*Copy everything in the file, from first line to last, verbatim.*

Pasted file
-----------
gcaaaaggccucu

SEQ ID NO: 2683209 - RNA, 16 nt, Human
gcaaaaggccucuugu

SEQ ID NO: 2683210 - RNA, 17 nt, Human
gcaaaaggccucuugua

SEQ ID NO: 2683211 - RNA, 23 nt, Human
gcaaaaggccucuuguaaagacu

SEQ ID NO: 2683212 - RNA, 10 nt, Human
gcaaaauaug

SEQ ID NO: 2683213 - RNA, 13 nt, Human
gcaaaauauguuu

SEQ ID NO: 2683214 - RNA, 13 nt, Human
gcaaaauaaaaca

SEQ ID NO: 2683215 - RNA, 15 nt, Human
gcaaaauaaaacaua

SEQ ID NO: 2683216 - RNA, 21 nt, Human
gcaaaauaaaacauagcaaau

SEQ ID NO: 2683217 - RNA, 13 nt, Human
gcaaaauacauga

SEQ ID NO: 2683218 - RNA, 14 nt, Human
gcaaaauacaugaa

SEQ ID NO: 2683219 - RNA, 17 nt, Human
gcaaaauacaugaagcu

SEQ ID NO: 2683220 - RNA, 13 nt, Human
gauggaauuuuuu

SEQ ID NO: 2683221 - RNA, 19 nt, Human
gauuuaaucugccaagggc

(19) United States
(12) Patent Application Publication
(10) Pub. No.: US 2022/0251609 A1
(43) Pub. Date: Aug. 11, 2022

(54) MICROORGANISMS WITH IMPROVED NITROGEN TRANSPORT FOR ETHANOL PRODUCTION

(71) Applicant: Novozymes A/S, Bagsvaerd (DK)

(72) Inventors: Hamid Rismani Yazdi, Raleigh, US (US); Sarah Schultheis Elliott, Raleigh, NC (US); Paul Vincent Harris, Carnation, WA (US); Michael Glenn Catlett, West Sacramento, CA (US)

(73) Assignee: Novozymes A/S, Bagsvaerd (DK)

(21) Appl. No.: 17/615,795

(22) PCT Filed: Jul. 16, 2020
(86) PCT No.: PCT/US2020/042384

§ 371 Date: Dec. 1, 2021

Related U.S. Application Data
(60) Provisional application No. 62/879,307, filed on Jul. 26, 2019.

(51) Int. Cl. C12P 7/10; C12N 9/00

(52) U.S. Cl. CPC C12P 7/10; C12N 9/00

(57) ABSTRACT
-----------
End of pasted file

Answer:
gcaaaaggccucu

SEQ ID NO: 2683209 - RNA, 16 nt, Human
gcaaaaggccucuugu

SEQ ID NO: 2683210 - RNA, 17 nt, Human
gcaaaaggccucuugua

SEQ ID NO: 2683211 - RNA, 23 nt, Human
gcaaaaggccucuuguaaagacu

SEQ ID NO: 2683212 - RNA, 10 nt, Human
gcaaaauaug

SEQ ID NO: 2683213 - RNA, 13 nt, Human
gcaaaauauguuu

SEQ ID NO: 2683214 - RNA, 13 nt, Human
gcaaaauaaaaca

SEQ ID NO: 2683215 - RNA, 15 nt, Human
gcaaaauaaaacaua

SEQ ID NO: 2683216 - RNA, 21 nt, Human
gcaaaauaaaacauagcaaau

SEQ ID NO: 2683217 - RNA, 13 nt, Human
gcaaaauacauga

SEQ ID NO: 2683218 - RNA, 14 nt, Human
gcaaaauacaugaa

SEQ ID NO: 2683219 - RNA, 17 nt, Human
gcaaaauacaugaagcu

SEQ ID NO: 2683220 - RNA, 13 nt, Human
gauggaauuuuuu

SEQ ID NO: 2683221 - RNA, 19 nt, Human
gauuuaaucugccaagggc

(19) United States
(12) Patent Application Publication
(10) Pub. No.: US 2022/0251609 A1
(43) Pub. Date: Aug. 11, 2022

(54) MICROORGANISMS WITH IMPROVED NITROGEN TRANSPORT FOR ETHANOL PRODUCTION

(71) Applicant: Novozymes A/S, Bagsvaerd (DK)

(72) Inventors: Hamid Rismani Yazdi, Raleigh, US (US); Sarah Schultheis Elliott, Raleigh, NC (US); Paul Vincent Harris, Carnation, WA (US); Michael Glenn Catlett, West Sacramento, CA (US)

(73) Assignee: Novozymes A/S, Bagsvaerd (DK)

(21) Appl. No.: 17/615,795

(22) PCT Filed: Jul. 16, 2020
(86) PCT No.: PCT/US2020/042384

§ 371 Date: Dec. 1, 2021

Related U.S. Application Data
(60) Provisional application No. 62/879,307, filed on Jul. 26, 2019.

(51) Int. Cl. C12P 7/10; C12N 9/00

(52) U.S. Cl. CPC C12P 7/10; C12N 9/00

(57) ABSTRACT